30th Sunday in Ordinary time
Exodus 22: 20-26
1 Thessalonians 1: 5-10
Over the last few Sundays, we have listened to how the different Jewish leaders kept setting traps for Jesus. Jesus on the other hand turned the tables on them with his parables and insightful observations so that they fell into their own traps and were made to look the fools.
Today’s Gospel is no less different. On hearing that the Sadducees had failed to trip Jesus up, the Pharisees thought that they would have another go at cornering Jesus. As devout followers of the Law, they saw themselves as the protectors of the Jewish faith and traditions. Their test to ensnare Jesus was to ask which of the 613 laws was the greatest.
Not only does Jesus reply with the greatest: ‘You must love the Lord your God with all your heart, with all your soul and with all your mind’ but he goes further to give the second greatest commandment: ‘You must love your neighbour as yourself.’
For Jesus faith in God was not about the minutia of the ritual, liturgical or moral laws. His summary of the commandments was to love God first. From this will flow our love for humanity.
The reading from Exodus commands us to learn from our past. Despite maybe being mistreated and taken for a ride we are not to do the same to others. The marginalised and weakest of society bear the brunt of the oppressor – this must not be our way.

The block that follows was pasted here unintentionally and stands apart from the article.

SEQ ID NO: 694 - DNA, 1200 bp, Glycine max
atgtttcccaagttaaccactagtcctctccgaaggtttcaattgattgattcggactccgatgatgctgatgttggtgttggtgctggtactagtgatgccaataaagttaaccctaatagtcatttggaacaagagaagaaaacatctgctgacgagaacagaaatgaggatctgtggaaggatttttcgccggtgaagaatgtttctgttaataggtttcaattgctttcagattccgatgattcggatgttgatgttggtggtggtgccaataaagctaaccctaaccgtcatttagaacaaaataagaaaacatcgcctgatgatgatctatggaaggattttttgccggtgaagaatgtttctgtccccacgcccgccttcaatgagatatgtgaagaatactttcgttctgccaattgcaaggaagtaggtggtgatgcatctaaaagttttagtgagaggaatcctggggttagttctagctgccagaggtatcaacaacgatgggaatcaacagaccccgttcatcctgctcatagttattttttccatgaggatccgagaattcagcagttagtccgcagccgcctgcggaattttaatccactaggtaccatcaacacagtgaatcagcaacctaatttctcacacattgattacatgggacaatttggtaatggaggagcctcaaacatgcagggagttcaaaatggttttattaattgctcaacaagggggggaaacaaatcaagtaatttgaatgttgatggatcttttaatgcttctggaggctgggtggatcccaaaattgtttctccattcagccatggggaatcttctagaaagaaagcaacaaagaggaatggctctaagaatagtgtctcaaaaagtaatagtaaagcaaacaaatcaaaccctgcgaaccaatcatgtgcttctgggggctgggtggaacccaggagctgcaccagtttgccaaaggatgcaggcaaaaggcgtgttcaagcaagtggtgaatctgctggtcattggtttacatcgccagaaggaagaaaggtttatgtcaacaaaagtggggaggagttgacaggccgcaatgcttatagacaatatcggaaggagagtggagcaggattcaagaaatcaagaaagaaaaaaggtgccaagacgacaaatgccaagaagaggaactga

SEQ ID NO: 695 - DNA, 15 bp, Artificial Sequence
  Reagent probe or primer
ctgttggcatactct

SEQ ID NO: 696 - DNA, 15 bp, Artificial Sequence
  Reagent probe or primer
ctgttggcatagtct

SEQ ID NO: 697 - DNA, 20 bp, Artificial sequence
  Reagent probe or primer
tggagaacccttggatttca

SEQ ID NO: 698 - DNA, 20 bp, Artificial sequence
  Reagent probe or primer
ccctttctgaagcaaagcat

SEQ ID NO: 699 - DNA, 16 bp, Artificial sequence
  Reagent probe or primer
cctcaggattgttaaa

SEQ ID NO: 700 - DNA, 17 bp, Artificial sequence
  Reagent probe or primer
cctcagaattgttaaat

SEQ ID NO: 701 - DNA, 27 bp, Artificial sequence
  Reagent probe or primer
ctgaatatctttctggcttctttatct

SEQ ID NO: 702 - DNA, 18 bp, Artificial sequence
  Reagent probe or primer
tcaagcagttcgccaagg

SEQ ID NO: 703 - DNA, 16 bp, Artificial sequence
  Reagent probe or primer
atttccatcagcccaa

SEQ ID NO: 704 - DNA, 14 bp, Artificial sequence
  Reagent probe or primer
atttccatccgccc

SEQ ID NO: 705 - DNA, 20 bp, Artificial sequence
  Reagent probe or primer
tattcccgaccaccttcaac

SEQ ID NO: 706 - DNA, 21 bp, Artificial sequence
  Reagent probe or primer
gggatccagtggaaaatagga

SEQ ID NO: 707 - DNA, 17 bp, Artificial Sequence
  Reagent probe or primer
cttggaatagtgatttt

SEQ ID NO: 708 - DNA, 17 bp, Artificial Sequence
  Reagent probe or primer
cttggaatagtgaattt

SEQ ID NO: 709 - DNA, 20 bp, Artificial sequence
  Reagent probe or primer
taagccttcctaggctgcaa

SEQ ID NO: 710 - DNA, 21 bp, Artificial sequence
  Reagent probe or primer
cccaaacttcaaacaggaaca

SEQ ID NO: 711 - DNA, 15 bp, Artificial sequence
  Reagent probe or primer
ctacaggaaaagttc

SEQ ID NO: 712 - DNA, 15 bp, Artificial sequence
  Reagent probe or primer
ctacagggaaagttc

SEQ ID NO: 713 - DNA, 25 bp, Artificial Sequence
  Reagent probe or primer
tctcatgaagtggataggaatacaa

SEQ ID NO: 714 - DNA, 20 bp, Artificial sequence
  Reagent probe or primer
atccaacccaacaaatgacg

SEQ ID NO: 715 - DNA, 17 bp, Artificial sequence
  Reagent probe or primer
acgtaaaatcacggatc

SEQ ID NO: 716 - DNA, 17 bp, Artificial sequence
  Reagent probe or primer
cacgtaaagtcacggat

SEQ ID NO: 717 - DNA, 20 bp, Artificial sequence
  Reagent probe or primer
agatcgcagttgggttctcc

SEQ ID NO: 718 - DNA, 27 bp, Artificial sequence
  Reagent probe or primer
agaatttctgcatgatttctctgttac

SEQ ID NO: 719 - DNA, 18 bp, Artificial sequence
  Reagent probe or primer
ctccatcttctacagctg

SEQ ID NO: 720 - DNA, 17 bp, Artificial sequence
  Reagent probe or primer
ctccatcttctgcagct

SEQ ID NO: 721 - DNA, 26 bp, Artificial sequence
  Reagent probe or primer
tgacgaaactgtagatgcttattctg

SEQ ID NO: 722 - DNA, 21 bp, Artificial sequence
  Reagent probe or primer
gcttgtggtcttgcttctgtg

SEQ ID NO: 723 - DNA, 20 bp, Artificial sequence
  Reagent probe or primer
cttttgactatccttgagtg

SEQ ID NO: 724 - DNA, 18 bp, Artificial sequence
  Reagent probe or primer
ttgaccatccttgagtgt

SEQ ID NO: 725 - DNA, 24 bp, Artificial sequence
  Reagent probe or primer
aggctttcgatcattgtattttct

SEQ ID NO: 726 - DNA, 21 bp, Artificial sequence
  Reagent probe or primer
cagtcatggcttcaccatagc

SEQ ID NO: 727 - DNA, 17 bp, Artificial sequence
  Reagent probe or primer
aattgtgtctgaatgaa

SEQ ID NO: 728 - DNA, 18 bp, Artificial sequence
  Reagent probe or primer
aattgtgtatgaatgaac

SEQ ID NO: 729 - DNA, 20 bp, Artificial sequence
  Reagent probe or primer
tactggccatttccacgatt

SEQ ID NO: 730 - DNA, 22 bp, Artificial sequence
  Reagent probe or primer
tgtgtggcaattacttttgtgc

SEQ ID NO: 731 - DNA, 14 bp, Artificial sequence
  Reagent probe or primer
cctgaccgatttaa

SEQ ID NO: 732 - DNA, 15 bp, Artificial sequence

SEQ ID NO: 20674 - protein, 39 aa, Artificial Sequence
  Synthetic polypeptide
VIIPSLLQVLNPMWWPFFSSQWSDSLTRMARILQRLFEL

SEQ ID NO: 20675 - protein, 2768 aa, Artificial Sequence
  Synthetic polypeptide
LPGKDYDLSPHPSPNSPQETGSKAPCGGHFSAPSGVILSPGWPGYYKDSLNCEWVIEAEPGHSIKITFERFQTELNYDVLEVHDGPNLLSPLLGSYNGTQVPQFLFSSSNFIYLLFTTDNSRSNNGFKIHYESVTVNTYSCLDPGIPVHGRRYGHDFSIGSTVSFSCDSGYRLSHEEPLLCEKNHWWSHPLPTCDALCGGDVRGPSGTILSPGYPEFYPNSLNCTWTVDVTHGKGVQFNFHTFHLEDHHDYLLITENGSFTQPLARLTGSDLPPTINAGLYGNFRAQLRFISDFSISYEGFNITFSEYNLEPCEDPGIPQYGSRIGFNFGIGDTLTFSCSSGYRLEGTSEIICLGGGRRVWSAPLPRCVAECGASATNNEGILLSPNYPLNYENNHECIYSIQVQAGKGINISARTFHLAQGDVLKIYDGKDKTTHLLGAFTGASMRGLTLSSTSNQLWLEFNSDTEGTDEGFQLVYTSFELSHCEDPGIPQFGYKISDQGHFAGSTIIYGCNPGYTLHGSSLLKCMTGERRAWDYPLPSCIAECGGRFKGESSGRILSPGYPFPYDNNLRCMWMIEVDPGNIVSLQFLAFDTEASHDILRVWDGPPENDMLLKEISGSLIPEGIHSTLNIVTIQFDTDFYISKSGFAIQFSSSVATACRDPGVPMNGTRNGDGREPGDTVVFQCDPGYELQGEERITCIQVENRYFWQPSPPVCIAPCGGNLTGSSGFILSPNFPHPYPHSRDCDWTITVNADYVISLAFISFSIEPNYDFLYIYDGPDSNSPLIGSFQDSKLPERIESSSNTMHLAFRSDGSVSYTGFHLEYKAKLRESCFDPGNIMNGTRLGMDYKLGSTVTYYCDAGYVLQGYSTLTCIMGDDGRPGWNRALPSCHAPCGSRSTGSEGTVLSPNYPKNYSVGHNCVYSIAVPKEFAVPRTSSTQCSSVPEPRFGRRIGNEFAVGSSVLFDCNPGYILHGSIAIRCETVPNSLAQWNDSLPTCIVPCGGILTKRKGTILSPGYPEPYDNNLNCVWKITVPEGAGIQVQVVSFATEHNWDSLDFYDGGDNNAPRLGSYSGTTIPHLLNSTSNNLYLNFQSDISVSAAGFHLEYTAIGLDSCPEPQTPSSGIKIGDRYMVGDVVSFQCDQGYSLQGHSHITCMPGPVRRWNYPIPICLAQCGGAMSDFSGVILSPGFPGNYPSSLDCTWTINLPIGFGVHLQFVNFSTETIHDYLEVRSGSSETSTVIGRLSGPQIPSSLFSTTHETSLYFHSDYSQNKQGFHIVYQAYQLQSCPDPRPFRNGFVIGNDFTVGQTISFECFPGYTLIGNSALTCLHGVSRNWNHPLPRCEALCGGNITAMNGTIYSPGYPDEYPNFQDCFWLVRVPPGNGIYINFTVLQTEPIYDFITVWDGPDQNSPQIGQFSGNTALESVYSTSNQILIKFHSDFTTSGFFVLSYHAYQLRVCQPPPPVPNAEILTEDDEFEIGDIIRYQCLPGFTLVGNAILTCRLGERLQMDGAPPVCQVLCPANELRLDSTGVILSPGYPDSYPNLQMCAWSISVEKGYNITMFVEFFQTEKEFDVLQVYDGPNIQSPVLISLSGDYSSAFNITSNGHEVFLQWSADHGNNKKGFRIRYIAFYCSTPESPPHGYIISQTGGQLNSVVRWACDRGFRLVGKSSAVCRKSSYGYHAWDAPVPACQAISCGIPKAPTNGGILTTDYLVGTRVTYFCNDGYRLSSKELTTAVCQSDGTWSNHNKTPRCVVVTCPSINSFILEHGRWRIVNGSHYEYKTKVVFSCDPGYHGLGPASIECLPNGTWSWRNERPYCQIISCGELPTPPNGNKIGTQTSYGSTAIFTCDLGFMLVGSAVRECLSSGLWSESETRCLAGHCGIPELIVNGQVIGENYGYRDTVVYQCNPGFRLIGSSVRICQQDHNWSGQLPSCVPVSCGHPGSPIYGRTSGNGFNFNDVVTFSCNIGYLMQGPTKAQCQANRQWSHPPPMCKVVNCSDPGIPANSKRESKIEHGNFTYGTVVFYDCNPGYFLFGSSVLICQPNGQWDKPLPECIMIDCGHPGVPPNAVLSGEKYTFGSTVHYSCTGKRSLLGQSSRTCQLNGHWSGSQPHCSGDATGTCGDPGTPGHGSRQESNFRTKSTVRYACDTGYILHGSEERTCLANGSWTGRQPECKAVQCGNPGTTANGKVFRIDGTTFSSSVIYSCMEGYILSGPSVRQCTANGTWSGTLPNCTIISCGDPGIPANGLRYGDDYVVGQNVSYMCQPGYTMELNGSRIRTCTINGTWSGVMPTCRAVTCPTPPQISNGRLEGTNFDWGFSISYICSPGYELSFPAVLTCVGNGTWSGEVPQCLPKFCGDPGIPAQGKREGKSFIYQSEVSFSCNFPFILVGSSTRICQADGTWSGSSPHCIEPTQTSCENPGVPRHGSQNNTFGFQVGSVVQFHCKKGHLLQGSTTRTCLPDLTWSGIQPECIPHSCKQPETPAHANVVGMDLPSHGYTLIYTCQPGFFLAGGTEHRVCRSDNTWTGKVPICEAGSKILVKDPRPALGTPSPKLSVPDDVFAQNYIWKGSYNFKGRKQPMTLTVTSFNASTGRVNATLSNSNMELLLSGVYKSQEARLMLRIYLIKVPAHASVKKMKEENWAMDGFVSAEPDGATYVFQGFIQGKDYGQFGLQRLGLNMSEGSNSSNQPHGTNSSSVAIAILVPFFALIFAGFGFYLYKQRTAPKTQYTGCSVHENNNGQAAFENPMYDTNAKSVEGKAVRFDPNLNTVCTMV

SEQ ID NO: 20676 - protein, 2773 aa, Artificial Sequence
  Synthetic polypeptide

God has loved each of us even before we knew it. So we are therefore made to and for love.
But what is love? Throughout history songs, poems, books and films have been written about love. We have a deep yearning to find, live and give it.
In the face of the many crises waging around us, from the personal (family, work, broken friendships) to the international level (the horrendous loss of civilian lives in Gaza, Israel and the Ukraine) may we always keep alive in our hearts and lives the Greatest and second greatest commandments – to LOVE God first and then our neighbour as ourselves.
1 Corinthians 13:4-6, 8 is a series of practical ways to live love: Love is always patient and kind; love is never jealous; love is not boastful or conceited; it is never rude and never seeks its own advantage; it does not take offence at wrongdoings; but finds its joy in the truth … Love never comes to an end.
Victoria Raw is parishioner of Te Whetu O Te Moana, Star of the Sea Marlborough, NZ and is active in lay ministry.